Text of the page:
Joseph Haydn (1732-1809): Four Trios (Hob. IV:1-4) for two flutes and violoncello. Popularly called the "London" trios, these are among the most frequently-performed of all flute chamber works from the classical era. Composed in 1794 during Haydn’s second visit to England, these musical gems were written at the height of Haydn’s creative powers. Haydn was unrivaled as the greatest living composer inasmuch as Mozart had been dead for three years and Beethoven’s genius had not yet flowered. Hoboken’s numbering of the four trios is arbitrary and has nothing to do with Haydn. For this recording they have been reordered for musical purposes. Of special interest is the Trio in G major (Hob. IV:2), a set of variations upon an original song, The Lady’s Looking-Glass. Derek McCulloch, an authority on Lord Abingdon and his music, has identified the earl himself as the composer of the song upon which Haydn wrote the variations (and to whom he dedicated them). The Trio in C major (Hob. IV:1) is dedicated to Abingdon’s friend, Sir Willoughby Aston, Baronet, whom the earl and Haydn visited together on November 14, 1794.


Johann Christian Bach (1735-1782): Quartet in G major (Op. 19, no. 3) for two flutes, viola and violoncello. Trio in C major for two flutes and violoncello. Johann Christian Bach was the youngest son of Johann Sebastian Bach. His music teachers included his father in Leipzig, his half-brother Carl Philipp Emanuel in Berlin, and Padre Martini in Bologna. For twenty years (1762-82) he enjoyed notable artistic (if not financial) success in England. He was music master to Queen Charlotte and composed operas for the King’s Theatre. For a few years (1764-71) he shared lodgings with Carl Friedrich Abel; the two men organized concerts ("the Bach-Abel concerts") which greatly influenced the musical life of England. In London in 1764-65 the young Mozart met and befriended J.C. Bach, whose galant style left its indelible mark on his own music. The two J. C. Bach chamber works on this recording are dedicated to Lord Abingdon. The opus 19 quartet is one of a set of four, published posthumously by John Preston in London with the statement "Composed for The Rt. Hon. The Earl of Abingdon, by whose permission they are now published". The C major trio (with its magnificently solemn slow movement in C minor) was published by Monzani c.1800 along with a trio by F. C. Neubauer; its title page also acknowledges that the trios had been composed for Lord Abingdon. The quartet and trio on this recording are ample testimony to the formidable compositional talents of Johann Christian Bach.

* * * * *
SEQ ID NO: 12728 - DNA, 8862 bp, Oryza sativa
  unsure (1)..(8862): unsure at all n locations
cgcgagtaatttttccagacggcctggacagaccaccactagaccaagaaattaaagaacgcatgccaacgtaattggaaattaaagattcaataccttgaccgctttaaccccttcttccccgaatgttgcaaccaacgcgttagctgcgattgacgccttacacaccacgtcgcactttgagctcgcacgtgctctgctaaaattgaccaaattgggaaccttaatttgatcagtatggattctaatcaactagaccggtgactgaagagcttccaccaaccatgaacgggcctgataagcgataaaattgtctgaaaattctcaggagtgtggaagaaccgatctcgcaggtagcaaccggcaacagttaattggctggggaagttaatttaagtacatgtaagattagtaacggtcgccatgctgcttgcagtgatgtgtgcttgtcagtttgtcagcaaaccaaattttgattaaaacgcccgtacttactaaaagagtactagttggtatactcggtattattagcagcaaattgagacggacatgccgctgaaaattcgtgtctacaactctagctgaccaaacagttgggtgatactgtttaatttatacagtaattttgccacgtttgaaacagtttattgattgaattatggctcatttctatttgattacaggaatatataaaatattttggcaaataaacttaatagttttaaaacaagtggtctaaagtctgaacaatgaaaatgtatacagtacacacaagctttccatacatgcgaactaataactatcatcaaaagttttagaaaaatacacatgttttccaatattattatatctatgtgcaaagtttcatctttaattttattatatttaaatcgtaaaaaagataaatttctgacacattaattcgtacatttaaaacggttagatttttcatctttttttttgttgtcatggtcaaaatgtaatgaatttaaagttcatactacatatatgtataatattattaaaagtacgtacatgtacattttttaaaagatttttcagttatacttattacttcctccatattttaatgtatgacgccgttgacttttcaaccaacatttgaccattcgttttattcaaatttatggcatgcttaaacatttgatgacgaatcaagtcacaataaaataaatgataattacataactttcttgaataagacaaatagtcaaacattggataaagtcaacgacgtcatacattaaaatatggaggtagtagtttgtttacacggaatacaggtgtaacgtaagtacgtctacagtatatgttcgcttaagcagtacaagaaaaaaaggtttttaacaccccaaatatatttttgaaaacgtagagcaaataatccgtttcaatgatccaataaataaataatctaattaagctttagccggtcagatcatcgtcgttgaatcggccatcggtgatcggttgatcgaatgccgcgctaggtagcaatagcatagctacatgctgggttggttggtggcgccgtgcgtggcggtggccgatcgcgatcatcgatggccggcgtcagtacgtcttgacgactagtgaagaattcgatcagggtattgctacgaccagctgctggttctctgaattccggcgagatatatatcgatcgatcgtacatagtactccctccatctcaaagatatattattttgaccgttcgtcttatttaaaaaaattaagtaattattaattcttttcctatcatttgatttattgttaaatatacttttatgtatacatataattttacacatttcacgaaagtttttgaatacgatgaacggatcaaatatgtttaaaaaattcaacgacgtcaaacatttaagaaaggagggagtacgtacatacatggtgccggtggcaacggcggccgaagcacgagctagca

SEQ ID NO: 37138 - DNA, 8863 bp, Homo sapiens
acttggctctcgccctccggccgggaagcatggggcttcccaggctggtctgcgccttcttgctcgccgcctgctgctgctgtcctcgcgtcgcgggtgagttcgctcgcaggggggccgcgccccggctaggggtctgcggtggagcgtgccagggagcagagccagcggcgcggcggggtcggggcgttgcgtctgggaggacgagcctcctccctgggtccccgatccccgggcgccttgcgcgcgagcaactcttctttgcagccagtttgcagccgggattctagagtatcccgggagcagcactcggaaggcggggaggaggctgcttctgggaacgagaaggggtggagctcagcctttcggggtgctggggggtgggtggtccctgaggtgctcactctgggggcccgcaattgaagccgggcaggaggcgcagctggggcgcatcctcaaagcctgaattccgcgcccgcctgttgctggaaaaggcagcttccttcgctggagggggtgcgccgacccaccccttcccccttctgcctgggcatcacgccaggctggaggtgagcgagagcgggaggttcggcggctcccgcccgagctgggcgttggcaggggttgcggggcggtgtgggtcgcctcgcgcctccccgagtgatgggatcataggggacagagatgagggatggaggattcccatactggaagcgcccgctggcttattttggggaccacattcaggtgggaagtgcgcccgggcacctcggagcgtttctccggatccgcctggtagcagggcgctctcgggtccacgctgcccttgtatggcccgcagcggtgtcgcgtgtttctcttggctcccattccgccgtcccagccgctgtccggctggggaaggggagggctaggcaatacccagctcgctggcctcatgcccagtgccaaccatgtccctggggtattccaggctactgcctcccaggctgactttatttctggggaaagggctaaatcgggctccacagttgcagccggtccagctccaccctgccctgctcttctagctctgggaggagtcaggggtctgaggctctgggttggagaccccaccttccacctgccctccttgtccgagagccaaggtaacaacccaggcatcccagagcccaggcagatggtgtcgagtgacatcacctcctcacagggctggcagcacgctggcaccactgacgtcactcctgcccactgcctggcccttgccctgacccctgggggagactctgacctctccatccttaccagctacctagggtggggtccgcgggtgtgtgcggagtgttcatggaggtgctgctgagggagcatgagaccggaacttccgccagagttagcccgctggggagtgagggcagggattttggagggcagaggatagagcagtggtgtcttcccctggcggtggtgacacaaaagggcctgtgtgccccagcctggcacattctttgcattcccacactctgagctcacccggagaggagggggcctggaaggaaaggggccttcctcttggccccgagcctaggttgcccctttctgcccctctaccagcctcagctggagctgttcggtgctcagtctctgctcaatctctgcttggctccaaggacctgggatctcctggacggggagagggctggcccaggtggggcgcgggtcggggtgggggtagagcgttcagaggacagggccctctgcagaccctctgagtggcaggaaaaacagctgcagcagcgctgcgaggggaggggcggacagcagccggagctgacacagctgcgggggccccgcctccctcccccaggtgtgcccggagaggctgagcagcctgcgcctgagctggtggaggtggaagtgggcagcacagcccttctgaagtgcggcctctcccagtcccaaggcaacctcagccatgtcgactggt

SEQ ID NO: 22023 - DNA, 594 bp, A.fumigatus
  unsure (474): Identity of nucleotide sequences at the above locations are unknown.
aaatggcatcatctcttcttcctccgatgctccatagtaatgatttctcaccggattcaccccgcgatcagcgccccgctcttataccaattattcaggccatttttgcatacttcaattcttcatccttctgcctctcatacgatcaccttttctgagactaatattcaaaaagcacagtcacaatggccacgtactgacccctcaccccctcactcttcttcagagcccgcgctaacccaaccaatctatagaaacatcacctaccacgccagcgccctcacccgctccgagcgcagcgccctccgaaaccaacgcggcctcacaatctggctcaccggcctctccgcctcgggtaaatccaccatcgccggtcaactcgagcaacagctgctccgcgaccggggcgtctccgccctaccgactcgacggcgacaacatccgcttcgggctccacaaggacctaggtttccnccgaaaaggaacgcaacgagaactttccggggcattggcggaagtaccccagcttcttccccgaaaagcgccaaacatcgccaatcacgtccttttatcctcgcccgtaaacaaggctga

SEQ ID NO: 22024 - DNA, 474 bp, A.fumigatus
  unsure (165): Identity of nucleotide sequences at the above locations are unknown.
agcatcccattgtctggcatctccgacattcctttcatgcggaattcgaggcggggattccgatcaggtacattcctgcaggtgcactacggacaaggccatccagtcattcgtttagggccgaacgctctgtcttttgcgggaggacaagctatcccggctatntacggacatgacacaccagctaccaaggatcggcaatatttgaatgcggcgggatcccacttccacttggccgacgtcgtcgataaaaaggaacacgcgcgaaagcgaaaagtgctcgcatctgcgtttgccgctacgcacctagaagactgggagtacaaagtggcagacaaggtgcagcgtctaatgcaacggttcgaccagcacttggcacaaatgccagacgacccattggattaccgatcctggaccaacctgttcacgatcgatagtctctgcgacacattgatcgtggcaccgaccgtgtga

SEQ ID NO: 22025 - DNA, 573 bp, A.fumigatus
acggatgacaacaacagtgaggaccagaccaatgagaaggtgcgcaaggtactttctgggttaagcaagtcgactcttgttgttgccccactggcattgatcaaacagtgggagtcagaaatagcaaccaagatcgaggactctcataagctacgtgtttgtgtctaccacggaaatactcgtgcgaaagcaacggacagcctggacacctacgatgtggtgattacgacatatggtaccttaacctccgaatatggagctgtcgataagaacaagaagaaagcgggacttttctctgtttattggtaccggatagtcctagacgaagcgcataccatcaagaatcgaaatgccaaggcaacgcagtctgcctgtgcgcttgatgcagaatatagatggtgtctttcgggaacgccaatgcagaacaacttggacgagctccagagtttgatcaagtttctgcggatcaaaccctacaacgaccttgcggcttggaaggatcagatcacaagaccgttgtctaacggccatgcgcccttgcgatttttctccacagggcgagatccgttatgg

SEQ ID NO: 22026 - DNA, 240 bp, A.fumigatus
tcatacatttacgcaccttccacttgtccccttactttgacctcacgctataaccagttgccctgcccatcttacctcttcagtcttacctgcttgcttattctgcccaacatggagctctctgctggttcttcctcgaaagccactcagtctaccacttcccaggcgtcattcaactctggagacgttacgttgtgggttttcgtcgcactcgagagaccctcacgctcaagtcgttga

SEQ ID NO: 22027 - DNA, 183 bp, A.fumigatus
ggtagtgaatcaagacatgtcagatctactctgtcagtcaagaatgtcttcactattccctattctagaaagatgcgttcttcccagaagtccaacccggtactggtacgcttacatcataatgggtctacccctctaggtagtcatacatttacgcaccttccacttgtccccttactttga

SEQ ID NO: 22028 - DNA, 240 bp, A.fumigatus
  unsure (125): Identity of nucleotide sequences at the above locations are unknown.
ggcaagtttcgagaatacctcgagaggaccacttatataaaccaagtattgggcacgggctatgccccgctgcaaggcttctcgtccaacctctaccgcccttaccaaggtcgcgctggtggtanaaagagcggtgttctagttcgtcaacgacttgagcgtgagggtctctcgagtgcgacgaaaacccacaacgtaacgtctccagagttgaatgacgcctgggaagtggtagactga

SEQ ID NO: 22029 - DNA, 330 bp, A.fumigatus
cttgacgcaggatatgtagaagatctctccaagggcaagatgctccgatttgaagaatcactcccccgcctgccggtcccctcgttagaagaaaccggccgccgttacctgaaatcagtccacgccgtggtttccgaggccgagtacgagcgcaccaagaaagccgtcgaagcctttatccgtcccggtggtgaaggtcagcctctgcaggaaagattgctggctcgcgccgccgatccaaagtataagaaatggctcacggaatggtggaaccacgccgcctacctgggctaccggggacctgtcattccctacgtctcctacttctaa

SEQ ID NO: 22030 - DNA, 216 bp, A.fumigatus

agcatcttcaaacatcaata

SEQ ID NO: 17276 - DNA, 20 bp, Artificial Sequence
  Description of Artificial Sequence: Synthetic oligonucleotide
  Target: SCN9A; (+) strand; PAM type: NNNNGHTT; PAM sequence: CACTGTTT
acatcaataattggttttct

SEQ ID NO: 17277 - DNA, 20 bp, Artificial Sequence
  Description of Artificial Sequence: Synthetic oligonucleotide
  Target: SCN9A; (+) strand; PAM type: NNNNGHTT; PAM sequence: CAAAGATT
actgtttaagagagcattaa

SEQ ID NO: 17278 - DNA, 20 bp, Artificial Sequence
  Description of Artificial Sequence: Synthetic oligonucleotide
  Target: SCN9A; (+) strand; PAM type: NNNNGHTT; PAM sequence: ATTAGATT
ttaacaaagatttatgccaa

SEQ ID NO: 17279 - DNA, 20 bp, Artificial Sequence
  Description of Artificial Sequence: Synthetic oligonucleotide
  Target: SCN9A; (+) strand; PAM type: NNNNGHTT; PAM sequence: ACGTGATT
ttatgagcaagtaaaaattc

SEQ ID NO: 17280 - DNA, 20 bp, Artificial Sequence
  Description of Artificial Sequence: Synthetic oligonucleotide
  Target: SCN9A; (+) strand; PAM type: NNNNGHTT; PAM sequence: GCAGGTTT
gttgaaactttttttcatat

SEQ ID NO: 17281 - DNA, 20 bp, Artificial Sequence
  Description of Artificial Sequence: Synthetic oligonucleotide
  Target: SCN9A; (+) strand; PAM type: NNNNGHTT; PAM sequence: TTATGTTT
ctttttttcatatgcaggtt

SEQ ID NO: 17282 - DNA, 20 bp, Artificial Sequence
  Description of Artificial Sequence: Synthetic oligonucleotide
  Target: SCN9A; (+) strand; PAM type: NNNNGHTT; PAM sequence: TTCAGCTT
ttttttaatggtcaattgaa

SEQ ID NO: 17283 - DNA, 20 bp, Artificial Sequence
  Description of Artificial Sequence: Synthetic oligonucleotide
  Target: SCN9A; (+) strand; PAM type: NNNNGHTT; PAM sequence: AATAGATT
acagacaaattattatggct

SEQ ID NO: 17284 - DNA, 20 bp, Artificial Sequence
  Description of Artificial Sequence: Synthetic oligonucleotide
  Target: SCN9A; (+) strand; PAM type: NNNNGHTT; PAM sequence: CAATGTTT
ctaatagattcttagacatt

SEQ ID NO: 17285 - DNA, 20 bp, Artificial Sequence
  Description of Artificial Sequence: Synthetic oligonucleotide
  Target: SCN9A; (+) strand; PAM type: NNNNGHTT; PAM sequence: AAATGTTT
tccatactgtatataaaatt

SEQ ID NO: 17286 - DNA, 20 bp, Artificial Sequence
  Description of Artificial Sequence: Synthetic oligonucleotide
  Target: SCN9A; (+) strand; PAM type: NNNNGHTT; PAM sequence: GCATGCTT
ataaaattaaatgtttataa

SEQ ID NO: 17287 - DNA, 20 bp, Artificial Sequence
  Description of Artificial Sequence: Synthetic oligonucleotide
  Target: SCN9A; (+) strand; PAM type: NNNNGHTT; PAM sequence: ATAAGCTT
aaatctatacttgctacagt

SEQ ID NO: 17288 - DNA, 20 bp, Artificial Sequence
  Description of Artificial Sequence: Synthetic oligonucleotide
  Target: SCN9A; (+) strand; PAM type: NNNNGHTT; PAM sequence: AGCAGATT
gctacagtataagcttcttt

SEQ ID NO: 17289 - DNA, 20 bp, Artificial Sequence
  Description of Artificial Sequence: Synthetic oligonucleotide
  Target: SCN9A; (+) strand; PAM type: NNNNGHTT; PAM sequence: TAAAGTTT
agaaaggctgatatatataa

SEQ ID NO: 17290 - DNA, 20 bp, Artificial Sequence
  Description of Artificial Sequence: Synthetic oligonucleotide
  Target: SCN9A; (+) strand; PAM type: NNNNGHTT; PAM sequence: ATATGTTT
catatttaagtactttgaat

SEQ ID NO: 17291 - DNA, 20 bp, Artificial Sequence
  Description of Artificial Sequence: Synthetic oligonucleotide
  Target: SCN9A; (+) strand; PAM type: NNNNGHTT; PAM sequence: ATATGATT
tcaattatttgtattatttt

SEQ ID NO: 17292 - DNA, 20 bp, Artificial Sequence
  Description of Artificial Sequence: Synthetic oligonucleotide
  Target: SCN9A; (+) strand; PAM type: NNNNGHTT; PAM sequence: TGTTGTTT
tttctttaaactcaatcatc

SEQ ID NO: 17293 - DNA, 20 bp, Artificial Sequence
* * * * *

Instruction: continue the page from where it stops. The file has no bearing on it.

André-Ernest-Modeste Grétry (1741-1813): Duets in C major and D major for two flutes. Belgian-born Grétry was destined to become the leading composer of opéra comique in Paris in the last third of the18th century. As a youth he went to Italy in 1760 for five years of musical study, including tutelage under the eminent Padre Martini in Bologna. In 1765 in Rome Grétry met Lord Abingdon, at whose request he wrote an excellent three-movement flute concerto. The earl’s flute teacher and traveling companion, Weiss, encouraged Grétry to go to Geneva, and the three met again there in 1766. On March 29, 1766, Grétry wrote to Padre Martini from Geneva that the English gentlemen whom he met in Rome had given him a good reputation, and he had been commissioned to write six harpsichord concertos for the ladies and six flute duets for the gentlemen. Until recently all of these works have been lost to the world. However, a manuscript collection of 18th-century flute duets came to light a few years ago, among which are two duets now identified by this writer as being by Grétry, based upon the high quality of the music and numerous thematic similarities not only with his flute concerto but also with three of Grétry’s operas composed in 1768-69: Le Huron, Les Mariages samnites, and Le Tableau parlant. Very likely these two flute duets are from the set of six which had been commissioned in Geneva.


Carl Friedrich Abel (1723-1787): Trio in G major (Op. 16, no. 4) for two flutes and violoncello. Abel’s father had been a string player at the court of Prince Leopold I of Anhalt-Cöthen in the years when Johann Sebastian Bach was Kapellmeister there (1717-23). So it is not surprising that the young Abel became closely associated with Bach’s youngest son, Johann Christian, when fate brought them both to London for their musical careers. In addition to being a celebrated master of the viola da gamba, Abel was an accomplished composer and a musical entrepreneur. From 1765 to 1781 Abel joined with J. C. Bach in presenting the Bach-Abel subscription series of 10 to 15 annual concerts. The two men collaborated with G. A. Gallini, a retired dancer and brother-in-law of Lord Abingdon, in building the Hanover Square rooms in which they held their concerts from 1775 to 1782. These are the same rooms where Salomon presented concerts with Joseph Haydn between 1791 and 1795. The four trios of opus 16, dedicated to the Earl of Abingdon, were published in London c.1785. In choosing the fourth trio of the set for this recording, the closing minuet with its wistful mood seems especially appropriate for a concluding work.